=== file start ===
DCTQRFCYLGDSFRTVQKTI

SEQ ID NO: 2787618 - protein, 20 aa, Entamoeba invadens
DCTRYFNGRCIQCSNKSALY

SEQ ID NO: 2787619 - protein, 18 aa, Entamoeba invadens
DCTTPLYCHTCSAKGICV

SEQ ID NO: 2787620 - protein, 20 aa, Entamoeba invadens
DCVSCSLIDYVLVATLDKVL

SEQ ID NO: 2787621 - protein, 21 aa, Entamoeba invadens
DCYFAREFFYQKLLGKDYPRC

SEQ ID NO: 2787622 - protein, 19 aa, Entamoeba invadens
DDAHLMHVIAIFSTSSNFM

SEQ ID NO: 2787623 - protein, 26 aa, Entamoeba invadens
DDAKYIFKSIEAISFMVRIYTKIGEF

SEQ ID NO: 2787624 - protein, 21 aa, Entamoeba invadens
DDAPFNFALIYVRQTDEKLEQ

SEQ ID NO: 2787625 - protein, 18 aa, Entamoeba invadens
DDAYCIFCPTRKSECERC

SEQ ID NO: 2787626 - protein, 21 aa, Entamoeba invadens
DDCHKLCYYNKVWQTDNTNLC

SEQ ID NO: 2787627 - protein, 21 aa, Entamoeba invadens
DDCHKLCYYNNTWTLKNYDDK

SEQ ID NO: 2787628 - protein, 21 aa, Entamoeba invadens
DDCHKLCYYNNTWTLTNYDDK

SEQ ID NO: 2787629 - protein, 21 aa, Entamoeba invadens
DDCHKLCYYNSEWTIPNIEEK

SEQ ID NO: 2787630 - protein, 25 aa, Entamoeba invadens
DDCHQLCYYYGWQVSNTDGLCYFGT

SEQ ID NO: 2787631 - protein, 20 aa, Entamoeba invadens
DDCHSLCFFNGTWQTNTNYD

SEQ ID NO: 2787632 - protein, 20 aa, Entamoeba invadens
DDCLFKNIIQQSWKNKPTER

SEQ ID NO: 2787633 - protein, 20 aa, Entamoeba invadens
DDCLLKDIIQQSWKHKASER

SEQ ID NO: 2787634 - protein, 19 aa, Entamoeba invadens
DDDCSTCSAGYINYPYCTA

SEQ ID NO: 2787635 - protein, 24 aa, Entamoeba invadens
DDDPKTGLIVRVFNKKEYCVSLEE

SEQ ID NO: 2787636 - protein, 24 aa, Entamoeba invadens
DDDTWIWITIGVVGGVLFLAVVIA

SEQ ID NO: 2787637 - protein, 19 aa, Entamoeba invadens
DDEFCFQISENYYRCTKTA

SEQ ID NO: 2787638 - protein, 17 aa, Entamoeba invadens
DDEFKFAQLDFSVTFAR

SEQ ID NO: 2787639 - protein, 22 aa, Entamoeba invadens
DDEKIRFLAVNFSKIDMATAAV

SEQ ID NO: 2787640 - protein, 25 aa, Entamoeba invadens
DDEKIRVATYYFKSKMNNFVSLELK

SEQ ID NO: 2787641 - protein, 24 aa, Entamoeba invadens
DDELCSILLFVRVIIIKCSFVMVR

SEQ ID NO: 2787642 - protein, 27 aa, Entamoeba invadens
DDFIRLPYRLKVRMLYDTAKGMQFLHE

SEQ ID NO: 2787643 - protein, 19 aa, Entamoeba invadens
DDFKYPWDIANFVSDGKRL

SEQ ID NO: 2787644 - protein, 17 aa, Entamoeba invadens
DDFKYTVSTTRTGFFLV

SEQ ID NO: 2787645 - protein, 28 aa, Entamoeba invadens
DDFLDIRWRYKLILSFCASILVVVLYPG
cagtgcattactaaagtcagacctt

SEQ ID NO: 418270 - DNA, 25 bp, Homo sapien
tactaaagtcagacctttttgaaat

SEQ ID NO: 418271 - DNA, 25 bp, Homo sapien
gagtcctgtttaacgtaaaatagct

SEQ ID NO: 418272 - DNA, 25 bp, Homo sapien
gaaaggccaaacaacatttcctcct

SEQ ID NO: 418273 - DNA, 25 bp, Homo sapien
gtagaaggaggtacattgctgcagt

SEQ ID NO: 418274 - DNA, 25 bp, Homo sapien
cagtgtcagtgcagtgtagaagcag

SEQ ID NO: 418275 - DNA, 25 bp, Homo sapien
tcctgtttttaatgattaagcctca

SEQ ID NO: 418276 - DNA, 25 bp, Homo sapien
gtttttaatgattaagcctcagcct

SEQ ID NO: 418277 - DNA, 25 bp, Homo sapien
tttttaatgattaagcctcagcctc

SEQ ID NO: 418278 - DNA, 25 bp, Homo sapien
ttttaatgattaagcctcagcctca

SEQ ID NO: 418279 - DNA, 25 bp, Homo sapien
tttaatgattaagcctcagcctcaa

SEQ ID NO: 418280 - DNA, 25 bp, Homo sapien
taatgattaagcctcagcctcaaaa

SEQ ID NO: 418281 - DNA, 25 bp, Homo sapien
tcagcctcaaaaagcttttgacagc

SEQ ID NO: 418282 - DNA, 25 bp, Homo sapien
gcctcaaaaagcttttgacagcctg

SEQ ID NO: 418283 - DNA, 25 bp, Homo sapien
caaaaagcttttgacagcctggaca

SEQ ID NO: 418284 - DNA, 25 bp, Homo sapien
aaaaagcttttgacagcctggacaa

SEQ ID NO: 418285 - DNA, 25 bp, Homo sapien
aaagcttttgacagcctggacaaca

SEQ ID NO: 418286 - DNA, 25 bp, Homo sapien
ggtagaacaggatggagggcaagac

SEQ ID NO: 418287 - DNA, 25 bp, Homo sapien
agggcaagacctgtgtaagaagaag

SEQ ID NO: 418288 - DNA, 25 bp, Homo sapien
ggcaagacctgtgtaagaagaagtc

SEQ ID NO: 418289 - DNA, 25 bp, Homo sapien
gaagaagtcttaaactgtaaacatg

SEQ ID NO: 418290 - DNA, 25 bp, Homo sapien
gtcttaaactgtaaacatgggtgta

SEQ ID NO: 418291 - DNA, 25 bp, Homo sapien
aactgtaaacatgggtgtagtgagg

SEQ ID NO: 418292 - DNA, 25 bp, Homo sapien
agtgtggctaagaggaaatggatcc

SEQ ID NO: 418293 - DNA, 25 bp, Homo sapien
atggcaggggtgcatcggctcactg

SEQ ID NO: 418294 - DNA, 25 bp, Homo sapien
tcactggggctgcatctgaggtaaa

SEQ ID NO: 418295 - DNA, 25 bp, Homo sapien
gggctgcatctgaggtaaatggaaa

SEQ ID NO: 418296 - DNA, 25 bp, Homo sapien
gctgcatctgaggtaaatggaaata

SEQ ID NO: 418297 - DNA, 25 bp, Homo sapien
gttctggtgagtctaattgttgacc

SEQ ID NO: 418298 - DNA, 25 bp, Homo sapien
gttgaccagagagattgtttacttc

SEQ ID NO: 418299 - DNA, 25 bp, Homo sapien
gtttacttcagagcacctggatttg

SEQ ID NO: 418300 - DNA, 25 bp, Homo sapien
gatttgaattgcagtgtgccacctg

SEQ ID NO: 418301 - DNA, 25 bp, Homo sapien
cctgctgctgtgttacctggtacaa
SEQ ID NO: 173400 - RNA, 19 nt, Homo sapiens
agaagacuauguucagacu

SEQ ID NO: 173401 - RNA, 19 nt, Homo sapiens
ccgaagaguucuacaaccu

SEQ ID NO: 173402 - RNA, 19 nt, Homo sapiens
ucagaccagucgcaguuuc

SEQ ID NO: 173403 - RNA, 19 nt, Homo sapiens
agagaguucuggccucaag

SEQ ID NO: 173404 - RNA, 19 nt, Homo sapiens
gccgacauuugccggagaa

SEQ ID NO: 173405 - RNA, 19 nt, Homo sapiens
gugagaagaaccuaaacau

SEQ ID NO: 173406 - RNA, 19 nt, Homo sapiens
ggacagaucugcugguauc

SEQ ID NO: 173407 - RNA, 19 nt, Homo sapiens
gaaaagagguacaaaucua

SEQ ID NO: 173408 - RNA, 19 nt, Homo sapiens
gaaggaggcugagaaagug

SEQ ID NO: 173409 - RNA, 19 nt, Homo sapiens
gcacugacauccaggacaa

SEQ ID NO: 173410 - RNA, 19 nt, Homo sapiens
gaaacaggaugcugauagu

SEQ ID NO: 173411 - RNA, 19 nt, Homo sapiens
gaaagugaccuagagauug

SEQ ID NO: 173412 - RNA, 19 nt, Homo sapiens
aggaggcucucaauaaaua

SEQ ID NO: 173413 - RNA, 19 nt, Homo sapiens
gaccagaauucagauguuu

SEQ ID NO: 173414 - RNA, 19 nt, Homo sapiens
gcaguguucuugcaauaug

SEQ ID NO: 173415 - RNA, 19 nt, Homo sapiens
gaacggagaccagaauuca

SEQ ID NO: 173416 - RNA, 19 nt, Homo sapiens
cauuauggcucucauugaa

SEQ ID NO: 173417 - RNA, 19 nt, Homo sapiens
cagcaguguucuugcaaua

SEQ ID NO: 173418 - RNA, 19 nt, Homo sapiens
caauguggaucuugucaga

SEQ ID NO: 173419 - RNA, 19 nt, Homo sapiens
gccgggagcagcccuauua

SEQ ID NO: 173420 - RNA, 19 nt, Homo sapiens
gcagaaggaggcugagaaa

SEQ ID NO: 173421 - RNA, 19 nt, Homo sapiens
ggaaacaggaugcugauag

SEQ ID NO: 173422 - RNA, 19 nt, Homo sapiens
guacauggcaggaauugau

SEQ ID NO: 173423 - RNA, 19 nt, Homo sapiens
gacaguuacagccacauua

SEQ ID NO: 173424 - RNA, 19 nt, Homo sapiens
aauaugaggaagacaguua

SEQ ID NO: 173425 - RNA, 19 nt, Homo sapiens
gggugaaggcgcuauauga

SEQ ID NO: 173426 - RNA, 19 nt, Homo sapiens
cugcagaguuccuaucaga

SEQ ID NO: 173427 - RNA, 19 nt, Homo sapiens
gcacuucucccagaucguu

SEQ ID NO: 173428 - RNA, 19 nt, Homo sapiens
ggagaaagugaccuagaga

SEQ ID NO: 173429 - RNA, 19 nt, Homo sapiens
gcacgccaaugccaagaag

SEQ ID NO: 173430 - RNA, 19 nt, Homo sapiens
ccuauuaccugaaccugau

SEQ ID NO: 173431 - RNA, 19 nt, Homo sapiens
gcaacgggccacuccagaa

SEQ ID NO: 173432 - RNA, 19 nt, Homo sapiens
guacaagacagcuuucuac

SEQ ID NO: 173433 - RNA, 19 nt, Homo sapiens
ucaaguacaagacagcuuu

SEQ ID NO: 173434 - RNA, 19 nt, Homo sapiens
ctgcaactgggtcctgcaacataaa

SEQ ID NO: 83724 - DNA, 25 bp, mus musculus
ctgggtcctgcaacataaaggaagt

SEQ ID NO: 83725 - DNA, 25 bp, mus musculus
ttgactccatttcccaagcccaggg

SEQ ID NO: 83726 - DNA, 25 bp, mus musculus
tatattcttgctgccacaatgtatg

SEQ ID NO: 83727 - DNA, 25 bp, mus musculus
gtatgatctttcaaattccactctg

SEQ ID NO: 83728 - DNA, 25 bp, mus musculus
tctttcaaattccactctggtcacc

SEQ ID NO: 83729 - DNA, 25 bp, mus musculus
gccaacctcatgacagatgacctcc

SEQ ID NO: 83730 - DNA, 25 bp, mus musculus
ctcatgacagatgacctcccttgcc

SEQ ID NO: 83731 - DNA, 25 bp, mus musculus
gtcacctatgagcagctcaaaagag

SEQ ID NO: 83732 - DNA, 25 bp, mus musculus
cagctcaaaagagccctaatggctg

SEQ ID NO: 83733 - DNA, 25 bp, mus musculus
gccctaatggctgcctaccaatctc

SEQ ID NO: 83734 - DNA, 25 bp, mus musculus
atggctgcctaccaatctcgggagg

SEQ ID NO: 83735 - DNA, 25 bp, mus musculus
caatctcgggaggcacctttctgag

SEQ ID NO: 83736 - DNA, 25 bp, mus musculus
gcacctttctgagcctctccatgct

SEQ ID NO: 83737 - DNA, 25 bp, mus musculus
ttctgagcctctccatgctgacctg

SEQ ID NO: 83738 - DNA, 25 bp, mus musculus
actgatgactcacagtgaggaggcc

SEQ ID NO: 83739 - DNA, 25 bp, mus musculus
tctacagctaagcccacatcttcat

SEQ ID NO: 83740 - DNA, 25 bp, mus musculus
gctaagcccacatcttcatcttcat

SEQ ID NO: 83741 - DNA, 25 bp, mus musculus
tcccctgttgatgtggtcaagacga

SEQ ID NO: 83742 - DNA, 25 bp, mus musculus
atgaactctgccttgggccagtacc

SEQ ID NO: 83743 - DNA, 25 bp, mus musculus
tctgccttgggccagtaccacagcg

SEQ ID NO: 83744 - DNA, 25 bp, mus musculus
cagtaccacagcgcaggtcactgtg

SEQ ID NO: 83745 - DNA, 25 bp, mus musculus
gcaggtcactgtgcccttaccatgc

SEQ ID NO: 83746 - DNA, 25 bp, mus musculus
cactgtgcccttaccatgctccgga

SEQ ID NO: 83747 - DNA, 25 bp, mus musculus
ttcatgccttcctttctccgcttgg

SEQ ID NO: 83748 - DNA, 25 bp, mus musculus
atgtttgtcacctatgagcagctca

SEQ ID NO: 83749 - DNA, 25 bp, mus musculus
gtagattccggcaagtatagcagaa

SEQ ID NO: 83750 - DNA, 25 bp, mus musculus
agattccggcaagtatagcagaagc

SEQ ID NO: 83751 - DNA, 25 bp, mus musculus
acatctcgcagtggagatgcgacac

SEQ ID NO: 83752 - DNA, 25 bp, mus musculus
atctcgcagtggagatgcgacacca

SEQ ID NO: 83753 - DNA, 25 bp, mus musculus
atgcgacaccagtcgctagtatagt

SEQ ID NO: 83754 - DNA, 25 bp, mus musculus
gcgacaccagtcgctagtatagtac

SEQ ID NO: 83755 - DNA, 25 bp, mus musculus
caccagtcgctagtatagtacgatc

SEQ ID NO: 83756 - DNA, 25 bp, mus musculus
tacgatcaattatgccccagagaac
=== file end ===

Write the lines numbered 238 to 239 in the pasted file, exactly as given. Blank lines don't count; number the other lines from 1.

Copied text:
cactgtgcccttaccatgctccgga

SEQ ID NO: 83747 - DNA, 25 bp, mus musculus